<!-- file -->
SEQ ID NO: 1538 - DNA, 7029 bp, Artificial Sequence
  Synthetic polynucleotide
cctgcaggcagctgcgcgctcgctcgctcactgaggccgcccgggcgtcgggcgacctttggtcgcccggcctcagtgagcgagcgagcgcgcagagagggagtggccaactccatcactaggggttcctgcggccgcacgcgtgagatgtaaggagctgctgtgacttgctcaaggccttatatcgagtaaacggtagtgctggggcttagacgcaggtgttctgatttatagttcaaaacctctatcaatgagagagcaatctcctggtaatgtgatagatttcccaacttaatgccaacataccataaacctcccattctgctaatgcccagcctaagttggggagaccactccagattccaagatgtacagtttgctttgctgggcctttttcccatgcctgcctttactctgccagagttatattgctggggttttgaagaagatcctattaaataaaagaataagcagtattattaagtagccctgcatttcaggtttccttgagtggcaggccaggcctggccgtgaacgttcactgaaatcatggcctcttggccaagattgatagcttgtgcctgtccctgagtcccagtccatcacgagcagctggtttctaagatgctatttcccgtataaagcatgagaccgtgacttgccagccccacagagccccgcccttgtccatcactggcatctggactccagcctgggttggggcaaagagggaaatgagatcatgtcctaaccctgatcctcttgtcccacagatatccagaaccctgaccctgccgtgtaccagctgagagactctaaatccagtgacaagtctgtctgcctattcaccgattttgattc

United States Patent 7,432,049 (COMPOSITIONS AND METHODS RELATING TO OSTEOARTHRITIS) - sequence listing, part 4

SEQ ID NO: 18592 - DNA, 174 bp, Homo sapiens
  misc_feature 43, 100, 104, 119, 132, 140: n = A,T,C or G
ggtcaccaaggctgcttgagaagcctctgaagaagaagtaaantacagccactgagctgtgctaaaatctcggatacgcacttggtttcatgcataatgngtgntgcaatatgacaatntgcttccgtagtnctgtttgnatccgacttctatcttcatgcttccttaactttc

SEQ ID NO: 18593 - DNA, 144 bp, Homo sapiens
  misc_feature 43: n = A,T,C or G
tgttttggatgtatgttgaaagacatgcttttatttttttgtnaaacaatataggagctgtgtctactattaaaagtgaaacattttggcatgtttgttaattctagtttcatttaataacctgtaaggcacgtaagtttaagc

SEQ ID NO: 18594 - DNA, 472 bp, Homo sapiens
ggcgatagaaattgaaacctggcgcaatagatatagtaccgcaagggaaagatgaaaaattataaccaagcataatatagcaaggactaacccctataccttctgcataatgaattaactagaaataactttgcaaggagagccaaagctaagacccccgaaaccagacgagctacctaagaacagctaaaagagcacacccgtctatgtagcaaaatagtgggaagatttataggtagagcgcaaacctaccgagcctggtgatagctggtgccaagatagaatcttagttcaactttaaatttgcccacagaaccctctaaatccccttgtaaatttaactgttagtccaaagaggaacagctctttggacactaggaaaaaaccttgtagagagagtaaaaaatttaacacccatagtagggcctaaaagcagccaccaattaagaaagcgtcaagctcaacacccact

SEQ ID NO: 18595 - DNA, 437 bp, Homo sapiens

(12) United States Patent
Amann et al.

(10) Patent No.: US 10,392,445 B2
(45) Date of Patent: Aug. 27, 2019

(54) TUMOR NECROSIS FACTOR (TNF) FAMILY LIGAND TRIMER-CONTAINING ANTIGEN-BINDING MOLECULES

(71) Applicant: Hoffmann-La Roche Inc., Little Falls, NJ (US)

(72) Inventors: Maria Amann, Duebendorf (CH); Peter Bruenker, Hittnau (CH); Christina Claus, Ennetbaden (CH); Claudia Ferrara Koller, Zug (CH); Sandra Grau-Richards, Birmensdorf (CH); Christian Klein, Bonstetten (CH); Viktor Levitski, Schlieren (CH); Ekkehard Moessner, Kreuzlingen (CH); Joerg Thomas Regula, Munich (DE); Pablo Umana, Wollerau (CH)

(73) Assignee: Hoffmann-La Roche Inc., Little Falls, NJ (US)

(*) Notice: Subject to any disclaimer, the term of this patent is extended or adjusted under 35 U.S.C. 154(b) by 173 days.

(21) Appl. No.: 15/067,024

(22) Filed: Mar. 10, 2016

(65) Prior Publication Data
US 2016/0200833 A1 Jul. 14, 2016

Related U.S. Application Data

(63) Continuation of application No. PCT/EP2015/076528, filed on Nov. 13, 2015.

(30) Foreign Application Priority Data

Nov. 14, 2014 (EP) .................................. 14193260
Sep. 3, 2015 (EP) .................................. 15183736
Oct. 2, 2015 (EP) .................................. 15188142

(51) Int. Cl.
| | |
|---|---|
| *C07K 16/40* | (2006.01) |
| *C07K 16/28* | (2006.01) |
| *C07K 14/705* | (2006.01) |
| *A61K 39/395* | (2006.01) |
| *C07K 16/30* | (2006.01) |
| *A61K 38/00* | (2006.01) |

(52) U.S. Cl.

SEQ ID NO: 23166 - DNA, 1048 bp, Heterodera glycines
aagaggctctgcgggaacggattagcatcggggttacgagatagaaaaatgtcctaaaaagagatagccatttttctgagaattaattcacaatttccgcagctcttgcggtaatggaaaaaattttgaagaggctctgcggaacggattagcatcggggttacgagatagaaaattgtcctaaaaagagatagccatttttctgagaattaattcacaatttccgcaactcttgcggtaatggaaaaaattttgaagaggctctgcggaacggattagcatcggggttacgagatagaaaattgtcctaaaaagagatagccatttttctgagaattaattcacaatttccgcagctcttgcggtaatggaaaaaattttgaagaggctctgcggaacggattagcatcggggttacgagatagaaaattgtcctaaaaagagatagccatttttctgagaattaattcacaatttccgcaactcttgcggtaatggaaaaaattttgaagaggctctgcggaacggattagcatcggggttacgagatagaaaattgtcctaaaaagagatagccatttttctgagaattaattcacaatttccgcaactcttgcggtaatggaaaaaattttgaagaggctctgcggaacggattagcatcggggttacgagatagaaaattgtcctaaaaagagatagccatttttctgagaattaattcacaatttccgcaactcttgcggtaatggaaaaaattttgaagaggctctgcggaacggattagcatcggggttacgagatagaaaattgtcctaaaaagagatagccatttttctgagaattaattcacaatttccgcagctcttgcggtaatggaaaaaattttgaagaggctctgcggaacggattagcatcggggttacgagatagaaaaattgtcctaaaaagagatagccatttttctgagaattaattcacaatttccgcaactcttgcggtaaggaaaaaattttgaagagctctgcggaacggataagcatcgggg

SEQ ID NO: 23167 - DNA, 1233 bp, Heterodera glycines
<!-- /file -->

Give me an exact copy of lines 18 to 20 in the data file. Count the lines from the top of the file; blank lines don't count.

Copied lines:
(54) TUMOR NECROSIS FACTOR (TNF) FAMILY LIGAND TRIMER-CONTAINING ANTIGEN-BINDING MOLECULES

(71) Applicant: Hoffmann-La Roche Inc., Little Falls, NJ (US)

(72) Inventors: Maria Amann, Duebendorf (CH); Peter Bruenker, Hittnau (CH); Christina Claus, Ennetbaden (CH); Claudia Ferrara Koller, Zug (CH); Sandra Grau-Richards, Birmensdorf (CH); Christian Klein, Bonstetten (CH); Viktor Levitski, Schlieren (CH); Ekkehard Moessner, Kreuzlingen (CH); Joerg Thomas Regula, Munich (DE); Pablo Umana, Wollerau (CH)